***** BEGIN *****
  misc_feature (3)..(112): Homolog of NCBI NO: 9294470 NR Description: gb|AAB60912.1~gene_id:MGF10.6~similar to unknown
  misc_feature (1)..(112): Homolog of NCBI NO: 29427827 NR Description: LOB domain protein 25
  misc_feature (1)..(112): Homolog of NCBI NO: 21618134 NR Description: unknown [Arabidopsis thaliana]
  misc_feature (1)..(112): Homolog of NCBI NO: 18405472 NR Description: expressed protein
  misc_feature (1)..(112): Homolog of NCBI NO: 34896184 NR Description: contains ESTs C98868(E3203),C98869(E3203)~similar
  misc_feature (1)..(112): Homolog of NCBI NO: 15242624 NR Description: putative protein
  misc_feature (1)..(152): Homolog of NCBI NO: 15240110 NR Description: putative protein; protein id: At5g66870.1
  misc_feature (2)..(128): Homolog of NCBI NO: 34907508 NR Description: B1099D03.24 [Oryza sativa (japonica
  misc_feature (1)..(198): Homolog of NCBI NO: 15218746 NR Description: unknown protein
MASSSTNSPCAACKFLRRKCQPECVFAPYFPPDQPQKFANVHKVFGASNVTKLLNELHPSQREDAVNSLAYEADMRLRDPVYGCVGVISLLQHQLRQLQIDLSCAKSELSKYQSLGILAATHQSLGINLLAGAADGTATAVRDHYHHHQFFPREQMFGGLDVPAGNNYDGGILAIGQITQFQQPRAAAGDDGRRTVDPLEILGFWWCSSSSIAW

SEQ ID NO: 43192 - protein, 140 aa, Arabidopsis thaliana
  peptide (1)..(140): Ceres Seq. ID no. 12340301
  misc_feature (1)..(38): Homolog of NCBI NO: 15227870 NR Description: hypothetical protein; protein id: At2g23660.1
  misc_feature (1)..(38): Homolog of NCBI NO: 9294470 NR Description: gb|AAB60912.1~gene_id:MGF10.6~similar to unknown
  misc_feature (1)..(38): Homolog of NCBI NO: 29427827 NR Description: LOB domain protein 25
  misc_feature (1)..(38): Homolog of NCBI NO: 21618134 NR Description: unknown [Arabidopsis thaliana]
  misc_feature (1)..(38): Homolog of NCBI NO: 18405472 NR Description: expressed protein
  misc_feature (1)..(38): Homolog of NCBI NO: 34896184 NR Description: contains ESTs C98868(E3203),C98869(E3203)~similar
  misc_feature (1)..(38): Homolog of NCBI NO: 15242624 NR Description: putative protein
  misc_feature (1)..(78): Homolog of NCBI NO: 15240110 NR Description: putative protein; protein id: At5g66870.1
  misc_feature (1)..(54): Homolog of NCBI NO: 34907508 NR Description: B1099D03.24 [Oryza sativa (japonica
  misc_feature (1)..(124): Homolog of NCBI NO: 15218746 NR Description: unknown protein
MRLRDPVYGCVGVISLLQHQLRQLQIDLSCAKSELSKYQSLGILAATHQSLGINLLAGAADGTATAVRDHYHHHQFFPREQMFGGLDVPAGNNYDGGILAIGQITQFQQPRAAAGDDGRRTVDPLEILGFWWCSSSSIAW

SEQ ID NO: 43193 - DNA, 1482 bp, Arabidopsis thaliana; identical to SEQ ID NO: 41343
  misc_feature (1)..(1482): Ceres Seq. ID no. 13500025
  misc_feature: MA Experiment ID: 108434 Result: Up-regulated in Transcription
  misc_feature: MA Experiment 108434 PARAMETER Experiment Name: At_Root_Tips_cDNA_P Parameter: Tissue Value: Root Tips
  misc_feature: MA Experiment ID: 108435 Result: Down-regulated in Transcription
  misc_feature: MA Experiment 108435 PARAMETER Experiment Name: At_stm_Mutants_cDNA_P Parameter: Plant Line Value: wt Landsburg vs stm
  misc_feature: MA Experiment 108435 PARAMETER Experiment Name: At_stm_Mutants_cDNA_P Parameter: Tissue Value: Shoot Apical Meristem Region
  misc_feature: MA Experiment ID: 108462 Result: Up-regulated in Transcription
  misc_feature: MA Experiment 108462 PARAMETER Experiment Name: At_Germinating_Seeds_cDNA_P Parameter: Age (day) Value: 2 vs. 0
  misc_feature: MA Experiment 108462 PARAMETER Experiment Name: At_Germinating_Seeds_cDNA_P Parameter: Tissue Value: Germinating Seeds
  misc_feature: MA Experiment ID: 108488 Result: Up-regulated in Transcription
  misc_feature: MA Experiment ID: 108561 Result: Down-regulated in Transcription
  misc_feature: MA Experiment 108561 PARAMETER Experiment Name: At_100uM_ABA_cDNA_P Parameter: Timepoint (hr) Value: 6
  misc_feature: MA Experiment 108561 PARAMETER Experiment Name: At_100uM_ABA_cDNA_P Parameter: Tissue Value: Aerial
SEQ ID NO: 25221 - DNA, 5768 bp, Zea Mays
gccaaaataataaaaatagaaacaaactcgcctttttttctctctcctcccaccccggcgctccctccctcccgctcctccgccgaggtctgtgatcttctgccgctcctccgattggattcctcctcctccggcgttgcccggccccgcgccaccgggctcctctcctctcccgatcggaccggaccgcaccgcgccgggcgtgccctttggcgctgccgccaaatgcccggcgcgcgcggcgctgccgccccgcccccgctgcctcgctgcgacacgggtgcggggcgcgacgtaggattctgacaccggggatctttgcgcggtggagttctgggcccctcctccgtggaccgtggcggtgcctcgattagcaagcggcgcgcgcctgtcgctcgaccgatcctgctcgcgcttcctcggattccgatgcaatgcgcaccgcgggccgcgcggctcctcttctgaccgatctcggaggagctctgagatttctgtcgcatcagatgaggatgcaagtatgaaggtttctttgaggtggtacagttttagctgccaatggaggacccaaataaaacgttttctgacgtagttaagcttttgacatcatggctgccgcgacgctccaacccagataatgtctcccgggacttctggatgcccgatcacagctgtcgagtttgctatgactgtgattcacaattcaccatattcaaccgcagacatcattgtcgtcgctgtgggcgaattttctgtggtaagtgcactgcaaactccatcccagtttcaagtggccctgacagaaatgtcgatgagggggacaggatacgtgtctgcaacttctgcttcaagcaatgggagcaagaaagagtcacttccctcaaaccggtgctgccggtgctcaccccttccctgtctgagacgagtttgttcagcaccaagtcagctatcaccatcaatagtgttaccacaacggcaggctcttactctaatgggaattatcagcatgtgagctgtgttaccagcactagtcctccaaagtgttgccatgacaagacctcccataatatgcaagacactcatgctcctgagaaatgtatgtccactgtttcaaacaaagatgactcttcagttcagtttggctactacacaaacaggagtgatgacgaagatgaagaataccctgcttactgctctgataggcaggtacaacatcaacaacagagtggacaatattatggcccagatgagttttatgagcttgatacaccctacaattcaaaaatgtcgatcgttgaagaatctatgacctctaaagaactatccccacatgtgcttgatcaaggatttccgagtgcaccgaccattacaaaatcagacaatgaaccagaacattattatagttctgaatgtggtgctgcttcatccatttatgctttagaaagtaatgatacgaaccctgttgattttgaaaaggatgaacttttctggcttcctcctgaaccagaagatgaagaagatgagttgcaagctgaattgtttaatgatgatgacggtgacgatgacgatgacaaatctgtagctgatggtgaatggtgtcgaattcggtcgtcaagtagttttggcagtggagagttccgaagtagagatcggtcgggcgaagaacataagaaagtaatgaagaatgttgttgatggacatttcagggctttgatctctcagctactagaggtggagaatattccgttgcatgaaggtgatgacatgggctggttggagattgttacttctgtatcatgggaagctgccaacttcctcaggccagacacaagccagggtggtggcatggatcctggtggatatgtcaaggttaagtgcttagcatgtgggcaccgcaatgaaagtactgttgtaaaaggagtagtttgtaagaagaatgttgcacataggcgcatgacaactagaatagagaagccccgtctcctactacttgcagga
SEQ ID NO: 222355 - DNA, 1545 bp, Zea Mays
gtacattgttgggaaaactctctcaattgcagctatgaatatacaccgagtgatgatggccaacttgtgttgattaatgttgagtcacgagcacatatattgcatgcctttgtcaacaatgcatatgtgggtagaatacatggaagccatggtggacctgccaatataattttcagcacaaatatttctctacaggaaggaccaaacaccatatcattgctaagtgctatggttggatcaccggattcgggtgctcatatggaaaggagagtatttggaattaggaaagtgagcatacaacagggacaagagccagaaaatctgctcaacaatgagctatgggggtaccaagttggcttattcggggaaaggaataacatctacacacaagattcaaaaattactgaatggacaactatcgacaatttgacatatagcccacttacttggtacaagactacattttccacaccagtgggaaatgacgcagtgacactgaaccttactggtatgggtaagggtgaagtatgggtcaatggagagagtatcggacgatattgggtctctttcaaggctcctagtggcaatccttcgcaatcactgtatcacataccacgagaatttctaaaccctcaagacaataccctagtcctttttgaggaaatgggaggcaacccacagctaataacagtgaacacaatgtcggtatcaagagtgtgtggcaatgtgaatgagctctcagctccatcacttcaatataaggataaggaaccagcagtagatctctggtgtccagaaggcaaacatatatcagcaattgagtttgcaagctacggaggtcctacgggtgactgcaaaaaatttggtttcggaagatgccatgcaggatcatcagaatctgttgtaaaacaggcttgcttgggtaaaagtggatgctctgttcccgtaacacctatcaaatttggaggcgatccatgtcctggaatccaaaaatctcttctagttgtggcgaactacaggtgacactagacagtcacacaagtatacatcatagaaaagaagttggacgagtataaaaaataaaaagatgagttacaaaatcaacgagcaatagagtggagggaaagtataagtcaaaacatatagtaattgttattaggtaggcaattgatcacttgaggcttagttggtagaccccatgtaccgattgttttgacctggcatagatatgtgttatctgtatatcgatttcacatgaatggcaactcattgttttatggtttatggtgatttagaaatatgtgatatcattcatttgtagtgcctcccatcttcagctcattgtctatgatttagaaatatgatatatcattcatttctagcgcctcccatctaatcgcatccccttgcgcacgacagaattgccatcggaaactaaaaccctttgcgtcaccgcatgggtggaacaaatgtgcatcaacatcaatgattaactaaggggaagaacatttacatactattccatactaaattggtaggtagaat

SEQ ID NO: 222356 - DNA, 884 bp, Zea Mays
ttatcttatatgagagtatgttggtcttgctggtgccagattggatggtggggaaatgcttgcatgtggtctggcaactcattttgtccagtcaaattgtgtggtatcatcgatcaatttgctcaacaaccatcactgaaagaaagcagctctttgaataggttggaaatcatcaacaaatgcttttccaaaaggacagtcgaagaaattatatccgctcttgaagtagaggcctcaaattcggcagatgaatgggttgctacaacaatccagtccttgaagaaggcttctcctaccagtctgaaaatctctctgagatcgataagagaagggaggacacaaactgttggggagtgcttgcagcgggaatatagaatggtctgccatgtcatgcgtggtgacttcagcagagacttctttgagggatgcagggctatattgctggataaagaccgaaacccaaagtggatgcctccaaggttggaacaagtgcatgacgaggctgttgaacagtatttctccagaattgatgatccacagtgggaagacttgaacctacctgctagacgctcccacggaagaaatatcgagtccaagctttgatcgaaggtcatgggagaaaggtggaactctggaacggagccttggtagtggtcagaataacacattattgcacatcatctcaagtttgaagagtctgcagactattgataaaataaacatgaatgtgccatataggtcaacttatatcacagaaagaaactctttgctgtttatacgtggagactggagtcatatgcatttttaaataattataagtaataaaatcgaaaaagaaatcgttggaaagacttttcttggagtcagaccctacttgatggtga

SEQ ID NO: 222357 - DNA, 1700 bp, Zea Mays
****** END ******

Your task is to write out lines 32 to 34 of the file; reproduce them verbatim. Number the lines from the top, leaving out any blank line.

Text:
  misc_feature: MA Experiment 108462 PARAMETER Experiment Name: At_Germinating_Seeds_cDNA_P Parameter: Age (day) Value: 2 vs. 0
  misc_feature: MA Experiment 108462 PARAMETER Experiment Name: At_Germinating_Seeds_cDNA_P Parameter: Tissue Value: Germinating Seeds
  misc_feature: MA Experiment ID: 108488 Result: Up-regulated in Transcription